# Thomas comments on Open thread, March 13 - March 19, 2017

• In­ter­est­ing. We will see where this is go­ing to go.

• Any luck? I’d be in­ter­ested in see­ing some of the com­puter solu­tions even if their scores didn’t beat mine.

By the way I can now im­prove my score to 14sqrt(3)-24 = 0.249… . My cov­er­ing shape is a 14 by 17 right-an­gled tri­an­gle. This clearly tiles the square perfectly and you can also fit 24 of them into the equilat­eral tri­an­gle. To see this first di­vide the equilat­eral tri­an­gle ex­actly into 24 right-an­gled tri­an­gles of sides 14 and 1/​(4sqrt(3)), and then note that 17 < 1/​(4sqrt(3)). There’s no point in draw­ing a pic­ture since you can barely see the gaps.

• The cheaty solu­tion at the end de­pends on what seems to me an un­in­tended in­ter­pre­ta­tion of the ques­tion (though, given that the same per­son wrote the ques­tion and the pro­gram that found the solu­tion, maybe my idea of what’s in­tended is wrong). I took “tile both poly­gons” to mean “tile poly­gon 1 AND tile poly­gon 2″, not “tile the union of poly­gons 1 and 2”.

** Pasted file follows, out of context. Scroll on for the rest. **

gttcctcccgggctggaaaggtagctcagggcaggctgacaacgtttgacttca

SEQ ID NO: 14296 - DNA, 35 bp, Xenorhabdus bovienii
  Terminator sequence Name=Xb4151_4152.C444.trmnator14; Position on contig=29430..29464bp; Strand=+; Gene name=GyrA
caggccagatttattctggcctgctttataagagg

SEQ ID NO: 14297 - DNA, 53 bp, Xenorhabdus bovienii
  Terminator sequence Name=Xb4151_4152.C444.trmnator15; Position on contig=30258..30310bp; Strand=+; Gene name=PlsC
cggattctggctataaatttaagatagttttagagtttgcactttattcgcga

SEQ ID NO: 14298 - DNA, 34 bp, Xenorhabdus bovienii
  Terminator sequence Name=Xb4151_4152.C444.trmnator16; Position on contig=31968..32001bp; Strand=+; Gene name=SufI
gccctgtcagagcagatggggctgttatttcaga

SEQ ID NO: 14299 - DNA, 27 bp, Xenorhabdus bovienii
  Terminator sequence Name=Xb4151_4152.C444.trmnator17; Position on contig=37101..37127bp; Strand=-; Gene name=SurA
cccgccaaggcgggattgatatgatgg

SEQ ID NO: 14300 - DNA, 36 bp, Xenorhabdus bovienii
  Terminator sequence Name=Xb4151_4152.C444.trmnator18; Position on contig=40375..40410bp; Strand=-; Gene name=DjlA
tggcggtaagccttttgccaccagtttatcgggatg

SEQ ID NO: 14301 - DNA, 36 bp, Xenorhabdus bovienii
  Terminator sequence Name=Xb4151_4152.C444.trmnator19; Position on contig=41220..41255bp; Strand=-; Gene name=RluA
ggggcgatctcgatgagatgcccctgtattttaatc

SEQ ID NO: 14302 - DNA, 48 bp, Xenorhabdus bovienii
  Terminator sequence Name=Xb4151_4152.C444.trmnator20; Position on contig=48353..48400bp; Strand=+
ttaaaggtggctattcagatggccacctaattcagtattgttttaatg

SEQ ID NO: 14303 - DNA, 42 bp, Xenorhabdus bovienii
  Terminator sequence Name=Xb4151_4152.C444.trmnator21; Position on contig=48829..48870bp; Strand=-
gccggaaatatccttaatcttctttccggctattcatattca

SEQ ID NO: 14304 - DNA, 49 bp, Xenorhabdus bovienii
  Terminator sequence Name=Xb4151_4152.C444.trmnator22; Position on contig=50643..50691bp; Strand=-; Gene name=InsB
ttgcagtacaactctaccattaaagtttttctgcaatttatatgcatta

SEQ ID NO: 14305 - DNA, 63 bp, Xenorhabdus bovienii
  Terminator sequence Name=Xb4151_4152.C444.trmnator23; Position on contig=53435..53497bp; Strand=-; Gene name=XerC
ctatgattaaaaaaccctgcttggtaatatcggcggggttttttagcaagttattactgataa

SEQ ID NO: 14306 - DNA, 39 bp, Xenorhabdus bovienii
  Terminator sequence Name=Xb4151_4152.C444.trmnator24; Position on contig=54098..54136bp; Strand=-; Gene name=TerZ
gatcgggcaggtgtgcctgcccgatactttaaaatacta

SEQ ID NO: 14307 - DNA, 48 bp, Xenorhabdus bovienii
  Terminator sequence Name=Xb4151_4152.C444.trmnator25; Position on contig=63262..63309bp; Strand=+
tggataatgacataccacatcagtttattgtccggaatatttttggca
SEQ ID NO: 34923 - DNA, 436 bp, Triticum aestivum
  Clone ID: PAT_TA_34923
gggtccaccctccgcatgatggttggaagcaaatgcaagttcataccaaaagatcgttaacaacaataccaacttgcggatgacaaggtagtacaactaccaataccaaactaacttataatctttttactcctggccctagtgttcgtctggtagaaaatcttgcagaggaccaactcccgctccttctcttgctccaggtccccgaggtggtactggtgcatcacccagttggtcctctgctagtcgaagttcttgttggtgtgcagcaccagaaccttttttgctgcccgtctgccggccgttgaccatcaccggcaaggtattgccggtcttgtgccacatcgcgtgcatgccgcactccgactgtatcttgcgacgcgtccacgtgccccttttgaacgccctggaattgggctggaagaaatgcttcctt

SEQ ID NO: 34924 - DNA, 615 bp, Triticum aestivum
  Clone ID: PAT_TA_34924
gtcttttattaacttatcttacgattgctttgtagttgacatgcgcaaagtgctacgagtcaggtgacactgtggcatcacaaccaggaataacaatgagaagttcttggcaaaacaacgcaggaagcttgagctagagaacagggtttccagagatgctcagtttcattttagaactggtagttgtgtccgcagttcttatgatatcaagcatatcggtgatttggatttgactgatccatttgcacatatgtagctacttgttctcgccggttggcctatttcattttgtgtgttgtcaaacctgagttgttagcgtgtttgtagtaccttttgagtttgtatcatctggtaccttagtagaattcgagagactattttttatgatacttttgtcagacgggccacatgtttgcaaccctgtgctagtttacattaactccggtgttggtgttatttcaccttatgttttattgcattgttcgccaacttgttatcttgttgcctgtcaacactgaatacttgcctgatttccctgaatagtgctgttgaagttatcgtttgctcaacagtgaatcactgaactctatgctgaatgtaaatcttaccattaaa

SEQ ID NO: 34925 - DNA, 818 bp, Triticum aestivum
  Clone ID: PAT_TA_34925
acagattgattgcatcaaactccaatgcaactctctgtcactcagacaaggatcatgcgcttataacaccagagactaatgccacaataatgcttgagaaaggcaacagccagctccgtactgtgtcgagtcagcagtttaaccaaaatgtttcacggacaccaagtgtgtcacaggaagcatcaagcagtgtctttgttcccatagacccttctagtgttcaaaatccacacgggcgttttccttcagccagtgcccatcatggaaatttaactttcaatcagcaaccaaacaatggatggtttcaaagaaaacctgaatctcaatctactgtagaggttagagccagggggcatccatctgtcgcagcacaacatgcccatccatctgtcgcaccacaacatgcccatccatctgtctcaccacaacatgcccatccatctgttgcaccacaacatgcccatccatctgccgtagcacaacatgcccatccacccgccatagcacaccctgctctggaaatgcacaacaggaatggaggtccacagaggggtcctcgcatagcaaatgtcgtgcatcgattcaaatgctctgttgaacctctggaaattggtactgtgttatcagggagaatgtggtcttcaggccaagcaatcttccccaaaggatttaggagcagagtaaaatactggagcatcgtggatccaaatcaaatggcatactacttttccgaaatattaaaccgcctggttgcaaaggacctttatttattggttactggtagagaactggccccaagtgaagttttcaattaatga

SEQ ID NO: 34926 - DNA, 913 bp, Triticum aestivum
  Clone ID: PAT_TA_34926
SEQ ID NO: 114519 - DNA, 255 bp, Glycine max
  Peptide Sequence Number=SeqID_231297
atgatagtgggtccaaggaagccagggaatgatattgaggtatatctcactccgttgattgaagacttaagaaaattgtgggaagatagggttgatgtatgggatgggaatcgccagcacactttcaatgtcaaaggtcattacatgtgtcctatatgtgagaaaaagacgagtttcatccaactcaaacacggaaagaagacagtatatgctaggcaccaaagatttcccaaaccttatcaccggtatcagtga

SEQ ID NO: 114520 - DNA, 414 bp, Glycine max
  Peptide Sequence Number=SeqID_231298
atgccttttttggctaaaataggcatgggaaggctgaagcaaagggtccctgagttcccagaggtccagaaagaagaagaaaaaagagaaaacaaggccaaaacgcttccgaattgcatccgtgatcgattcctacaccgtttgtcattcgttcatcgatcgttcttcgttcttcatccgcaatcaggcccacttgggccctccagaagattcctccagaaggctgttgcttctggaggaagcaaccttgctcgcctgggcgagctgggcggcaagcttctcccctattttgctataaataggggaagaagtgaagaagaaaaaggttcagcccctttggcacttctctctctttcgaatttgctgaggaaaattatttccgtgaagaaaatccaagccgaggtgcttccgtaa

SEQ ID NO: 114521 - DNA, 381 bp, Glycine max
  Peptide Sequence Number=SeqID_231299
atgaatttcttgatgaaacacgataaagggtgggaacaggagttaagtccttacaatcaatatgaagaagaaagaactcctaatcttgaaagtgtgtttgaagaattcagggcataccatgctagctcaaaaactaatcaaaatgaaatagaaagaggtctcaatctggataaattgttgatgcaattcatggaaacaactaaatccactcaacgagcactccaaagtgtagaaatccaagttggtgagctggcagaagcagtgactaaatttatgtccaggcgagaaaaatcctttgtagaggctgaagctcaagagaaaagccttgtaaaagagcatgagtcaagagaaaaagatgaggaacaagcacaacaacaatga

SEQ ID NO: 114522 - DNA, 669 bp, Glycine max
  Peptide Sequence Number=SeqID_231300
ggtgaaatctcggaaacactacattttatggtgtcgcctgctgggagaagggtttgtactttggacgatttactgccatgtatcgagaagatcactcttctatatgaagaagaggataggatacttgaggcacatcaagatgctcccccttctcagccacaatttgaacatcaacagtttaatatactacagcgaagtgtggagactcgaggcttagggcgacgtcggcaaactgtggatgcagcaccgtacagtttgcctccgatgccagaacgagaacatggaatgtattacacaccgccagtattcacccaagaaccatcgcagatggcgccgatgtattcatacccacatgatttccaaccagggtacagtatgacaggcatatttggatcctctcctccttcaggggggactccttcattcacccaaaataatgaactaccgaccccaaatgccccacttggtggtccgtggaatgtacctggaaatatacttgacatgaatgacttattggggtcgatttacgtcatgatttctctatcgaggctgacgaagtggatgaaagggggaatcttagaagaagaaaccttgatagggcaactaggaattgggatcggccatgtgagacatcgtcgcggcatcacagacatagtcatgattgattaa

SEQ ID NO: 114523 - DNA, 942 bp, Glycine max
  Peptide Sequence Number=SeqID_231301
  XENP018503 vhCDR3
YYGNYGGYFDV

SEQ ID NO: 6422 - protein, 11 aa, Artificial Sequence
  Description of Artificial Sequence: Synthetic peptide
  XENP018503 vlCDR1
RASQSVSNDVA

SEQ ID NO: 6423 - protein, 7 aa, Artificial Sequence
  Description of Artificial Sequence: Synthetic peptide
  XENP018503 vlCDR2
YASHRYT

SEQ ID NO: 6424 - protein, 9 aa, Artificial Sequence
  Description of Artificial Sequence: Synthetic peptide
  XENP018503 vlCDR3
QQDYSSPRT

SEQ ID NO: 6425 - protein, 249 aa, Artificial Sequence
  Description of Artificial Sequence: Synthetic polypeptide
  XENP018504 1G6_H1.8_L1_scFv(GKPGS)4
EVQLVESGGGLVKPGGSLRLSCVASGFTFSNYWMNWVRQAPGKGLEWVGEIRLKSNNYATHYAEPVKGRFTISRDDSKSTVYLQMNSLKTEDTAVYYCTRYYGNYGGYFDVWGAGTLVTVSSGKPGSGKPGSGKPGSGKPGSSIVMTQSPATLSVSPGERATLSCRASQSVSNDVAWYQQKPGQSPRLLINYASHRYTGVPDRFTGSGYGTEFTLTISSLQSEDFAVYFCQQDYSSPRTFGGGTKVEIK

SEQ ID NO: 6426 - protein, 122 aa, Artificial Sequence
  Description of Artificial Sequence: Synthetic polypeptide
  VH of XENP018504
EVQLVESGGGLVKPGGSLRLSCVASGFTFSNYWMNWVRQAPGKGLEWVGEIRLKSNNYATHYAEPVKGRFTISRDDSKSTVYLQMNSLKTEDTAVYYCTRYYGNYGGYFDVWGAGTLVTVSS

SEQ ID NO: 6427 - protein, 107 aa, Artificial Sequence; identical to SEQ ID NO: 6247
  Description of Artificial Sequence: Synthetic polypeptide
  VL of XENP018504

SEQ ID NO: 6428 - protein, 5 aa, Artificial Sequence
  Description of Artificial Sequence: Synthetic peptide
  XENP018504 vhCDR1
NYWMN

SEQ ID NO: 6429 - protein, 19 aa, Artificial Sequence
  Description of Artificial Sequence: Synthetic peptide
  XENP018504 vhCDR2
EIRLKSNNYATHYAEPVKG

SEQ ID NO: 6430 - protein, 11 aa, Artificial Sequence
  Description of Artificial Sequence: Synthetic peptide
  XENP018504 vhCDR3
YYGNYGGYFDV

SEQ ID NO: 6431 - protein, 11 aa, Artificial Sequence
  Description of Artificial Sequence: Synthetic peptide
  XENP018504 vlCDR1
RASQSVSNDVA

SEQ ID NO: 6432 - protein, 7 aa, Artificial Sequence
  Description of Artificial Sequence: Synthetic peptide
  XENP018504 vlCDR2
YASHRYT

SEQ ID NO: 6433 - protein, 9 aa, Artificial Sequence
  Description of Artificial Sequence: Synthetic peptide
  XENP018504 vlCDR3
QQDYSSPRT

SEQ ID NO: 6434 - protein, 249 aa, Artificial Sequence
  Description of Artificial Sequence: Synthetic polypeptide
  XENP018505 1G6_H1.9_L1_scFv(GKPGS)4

• It is a solu­tion similar to the one with the big shape which doesn’t cover any­thing, but the re­main­der is ar­bi­trar­ily minis­cule rel­a­tive to the shape.

We called it “a triv­ial solu­tion”, as I call this solu­tion triv­ial, but maybe less triv­ial, since it ac­tu­ally cov­ers all and it wasn’t ex­plic­itly for­bid­den, not to peo­ple, not to the com­puter.

Now, I told my chitin’ comp, don’t do that, each in­stance of the shape should cover ei­ther the tri­an­gle, ei­ther the square!

We will see.

• I must say, that this solu­tions of yours is quite im­pres­sive. Quite im­pres­sive in­deed.

• I promise you scores and images of solu­tions, what­ever they will be. Calcu­la­tions are un­der way right now and they should be available soon.